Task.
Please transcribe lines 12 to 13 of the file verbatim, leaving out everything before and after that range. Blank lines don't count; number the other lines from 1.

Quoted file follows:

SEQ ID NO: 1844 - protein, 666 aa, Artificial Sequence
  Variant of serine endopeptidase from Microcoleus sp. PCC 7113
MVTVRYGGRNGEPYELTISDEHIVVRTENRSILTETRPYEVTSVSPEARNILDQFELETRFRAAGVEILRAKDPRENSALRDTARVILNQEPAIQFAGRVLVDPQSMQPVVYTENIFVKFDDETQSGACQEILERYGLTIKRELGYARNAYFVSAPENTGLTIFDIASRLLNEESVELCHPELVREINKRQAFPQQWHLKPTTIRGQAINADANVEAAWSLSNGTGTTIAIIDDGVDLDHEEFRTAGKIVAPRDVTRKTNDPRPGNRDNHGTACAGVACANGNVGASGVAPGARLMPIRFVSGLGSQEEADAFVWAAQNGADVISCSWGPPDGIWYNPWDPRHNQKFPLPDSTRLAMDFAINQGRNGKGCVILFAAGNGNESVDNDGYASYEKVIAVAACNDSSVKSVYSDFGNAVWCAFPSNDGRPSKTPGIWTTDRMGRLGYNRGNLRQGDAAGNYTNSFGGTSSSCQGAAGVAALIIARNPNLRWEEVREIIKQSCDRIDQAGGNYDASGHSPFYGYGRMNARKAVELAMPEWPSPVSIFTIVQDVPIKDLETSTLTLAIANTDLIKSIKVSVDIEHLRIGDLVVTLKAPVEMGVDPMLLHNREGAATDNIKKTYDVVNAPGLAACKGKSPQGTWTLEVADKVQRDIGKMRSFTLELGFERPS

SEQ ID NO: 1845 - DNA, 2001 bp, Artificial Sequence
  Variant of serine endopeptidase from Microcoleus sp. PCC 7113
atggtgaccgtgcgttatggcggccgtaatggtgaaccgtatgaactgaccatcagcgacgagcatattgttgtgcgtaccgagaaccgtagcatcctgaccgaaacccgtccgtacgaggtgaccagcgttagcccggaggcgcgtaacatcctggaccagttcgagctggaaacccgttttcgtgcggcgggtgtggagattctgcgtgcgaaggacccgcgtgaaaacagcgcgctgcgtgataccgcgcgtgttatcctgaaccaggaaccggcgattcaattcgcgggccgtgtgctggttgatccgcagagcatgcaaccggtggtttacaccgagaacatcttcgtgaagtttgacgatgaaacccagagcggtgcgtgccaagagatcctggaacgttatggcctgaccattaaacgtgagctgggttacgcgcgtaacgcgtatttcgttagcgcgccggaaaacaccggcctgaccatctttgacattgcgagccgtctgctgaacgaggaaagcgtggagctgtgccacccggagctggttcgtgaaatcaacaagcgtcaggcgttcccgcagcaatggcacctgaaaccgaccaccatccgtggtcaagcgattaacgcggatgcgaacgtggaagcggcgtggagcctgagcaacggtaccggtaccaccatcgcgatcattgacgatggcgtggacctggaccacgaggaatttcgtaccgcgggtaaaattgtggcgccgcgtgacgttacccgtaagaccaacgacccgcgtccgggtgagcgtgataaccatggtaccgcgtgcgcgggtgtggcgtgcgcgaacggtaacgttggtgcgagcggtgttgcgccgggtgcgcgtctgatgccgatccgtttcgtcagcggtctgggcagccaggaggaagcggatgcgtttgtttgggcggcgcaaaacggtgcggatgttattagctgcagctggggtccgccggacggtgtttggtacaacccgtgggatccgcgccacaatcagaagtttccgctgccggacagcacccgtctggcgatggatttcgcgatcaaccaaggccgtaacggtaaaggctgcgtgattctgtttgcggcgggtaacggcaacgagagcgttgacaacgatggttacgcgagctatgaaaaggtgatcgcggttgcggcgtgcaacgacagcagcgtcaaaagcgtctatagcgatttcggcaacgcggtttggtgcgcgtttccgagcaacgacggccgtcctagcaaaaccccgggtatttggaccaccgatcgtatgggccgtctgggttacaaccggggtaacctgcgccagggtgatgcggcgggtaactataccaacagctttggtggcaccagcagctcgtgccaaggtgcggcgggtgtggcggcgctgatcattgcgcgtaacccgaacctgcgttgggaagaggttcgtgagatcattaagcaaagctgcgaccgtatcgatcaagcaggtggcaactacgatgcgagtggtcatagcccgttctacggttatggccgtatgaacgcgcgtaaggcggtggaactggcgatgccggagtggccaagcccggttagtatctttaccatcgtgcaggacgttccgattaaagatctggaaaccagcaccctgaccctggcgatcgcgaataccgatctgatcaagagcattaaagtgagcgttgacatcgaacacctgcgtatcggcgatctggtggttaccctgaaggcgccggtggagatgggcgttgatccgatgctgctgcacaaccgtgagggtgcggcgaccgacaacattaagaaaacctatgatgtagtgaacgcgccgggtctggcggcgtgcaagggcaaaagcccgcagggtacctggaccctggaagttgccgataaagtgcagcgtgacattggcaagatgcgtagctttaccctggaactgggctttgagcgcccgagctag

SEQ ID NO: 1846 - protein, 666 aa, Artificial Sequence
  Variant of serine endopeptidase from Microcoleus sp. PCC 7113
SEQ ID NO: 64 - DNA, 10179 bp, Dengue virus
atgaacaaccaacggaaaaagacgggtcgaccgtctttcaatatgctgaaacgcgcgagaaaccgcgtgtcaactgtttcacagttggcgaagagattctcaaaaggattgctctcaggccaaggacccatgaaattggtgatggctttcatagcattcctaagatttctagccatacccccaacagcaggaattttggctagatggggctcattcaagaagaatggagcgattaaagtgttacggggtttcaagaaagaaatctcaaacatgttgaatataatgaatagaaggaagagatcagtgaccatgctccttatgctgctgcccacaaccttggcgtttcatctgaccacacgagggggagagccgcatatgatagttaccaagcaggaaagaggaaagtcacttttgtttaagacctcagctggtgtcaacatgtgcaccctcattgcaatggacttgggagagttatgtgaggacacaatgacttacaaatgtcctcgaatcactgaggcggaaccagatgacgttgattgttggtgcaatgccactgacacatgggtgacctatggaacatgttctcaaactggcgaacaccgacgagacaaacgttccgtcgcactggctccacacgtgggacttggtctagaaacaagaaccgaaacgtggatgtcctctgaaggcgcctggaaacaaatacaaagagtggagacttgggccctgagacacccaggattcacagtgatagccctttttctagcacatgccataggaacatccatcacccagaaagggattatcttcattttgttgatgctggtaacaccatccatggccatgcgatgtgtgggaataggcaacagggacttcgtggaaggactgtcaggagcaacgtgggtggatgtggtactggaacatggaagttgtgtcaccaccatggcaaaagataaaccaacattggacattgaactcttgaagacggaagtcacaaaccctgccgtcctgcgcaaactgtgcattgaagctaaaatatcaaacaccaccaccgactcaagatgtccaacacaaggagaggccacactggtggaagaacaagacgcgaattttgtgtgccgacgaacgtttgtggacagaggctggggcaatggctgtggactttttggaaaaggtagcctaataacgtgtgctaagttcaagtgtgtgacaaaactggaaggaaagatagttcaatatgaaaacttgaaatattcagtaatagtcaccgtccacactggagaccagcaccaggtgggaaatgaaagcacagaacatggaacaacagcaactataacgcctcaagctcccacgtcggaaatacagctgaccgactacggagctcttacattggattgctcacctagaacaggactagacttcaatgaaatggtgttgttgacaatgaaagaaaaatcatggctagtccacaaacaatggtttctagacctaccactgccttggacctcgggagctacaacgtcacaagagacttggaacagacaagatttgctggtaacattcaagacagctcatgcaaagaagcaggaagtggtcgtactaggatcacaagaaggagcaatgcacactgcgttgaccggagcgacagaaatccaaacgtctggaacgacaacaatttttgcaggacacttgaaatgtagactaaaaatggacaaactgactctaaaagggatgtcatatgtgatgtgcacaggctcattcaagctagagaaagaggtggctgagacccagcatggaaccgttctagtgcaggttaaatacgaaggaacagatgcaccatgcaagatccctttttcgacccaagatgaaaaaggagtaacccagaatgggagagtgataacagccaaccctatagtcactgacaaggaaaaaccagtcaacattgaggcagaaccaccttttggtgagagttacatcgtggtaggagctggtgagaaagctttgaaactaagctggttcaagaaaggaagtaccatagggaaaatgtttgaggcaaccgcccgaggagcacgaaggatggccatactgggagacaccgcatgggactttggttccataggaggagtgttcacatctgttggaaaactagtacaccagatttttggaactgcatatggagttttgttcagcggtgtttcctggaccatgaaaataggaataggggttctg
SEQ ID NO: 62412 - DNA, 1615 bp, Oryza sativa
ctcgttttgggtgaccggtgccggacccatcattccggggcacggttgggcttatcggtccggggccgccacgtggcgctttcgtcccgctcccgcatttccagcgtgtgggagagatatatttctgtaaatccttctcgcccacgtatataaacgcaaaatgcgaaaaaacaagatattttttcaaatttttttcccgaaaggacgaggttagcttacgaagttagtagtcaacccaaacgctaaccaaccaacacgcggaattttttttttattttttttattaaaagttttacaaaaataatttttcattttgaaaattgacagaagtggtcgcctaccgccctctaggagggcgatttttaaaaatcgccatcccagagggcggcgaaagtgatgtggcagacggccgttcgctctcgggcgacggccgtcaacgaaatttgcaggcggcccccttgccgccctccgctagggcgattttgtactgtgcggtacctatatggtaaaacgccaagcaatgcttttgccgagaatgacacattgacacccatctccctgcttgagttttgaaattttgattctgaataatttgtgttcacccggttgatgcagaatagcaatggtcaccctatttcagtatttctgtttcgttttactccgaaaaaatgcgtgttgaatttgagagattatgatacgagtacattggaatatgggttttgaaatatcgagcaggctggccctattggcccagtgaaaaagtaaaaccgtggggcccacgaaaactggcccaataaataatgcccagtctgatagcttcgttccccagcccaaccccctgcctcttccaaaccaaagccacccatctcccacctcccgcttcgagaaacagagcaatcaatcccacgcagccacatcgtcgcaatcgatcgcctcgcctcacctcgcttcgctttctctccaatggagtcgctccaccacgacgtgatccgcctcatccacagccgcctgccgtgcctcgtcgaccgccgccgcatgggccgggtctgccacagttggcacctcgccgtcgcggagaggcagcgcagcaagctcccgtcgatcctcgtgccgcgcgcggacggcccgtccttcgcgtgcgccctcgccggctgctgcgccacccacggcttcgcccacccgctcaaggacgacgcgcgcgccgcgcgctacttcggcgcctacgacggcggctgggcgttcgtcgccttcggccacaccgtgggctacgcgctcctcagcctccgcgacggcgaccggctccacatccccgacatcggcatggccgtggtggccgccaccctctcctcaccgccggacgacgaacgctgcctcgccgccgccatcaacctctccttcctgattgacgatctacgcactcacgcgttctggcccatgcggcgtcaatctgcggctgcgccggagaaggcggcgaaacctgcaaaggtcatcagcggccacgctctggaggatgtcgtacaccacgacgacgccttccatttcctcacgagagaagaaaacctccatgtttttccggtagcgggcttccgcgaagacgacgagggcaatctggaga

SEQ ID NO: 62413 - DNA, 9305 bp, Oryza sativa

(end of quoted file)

ctcgttttgggtgaccggtgccggacccatcattccggggcacggttgggcttatcggtccggggccgccacgtggcgctttcgtcccgctcccgcatttccagcgtgtgggagagatatatttctgtaaatccttctcgcccacgtatataaacgcaaaatgcgaaaaaacaagatattttttcaaatttttttcccgaaaggacgaggttagcttacgaagttagtagtcaacccaaacgctaaccaaccaacacgcggaattttttttttattttttttattaaaagttttacaaaaataatttttcattttgaaaattgacagaagtggtcgcctaccgccctctaggagggcgatttttaaaaatcgccatcccagagggcggcgaaagtgatgtggcagacggccgttcgctctcgggcgacggccgtcaacgaaatttgcaggcggcccccttgccgccctccgctagggcgattttgtactgtgcggtacctatatggtaaaacgccaagcaatgcttttgccgagaatgacacattgacacccatctccctgcttgagttttgaaattttgattctgaataatttgtgttcacccggttgatgcagaatagcaatggtcaccctatttcagtatttctgtttcgttttactccgaaaaaatgcgtgttgaatttgagagattatgatacgagtacattggaatatgggttttgaaatatcgagcaggctggccctattggcccagtgaaaaagtaaaaccgtggggcccacgaaaactggcccaataaataatgcccagtctgatagcttcgttccccagcccaaccccctgcctcttccaaaccaaagccacccatctcccacctcccgcttcgagaaacagagcaatcaatcccacgcagccacatcgtcgcaatcgatcgcctcgcctcacctcgcttcgctttctctccaatggagtcgctccaccacgacgtgatccgcctcatccacagccgcctgccgtgcctcgtcgaccgccgccgcatgggccgggtctgccacagttggcacctcgccgtcgcggagaggcagcgcagcaagctcccgtcgatcctcgtgccgcgcgcggacggcccgtccttcgcgtgcgccctcgccggctgctgcgccacccacggcttcgcccacccgctcaaggacgacgcgcgcgccgcgcgctacttcggcgcctacgacggcggctgggcgttcgtcgccttcggccacaccgtgggctacgcgctcctcagcctccgcgacggcgaccggctccacatccccgacatcggcatggccgtggtggccgccaccctctcctcaccgccggacgacgaacgctgcctcgccgccgccatcaacctctccttcctgattgacgatctacgcactcacgcgttctggcccatgcggcgtcaatctgcggctgcgccggagaaggcggcgaaacctgcaaaggtcatcagcggccacgctctggaggatgtcgtacaccacgacgacgccttccatttcctcacgagagaagaaaacctccatgtttttccggtagcgggcttccgcgaagacgacgagggcaatctggaga

SEQ ID NO: 62413 - DNA, 9305 bp, Oryza sativa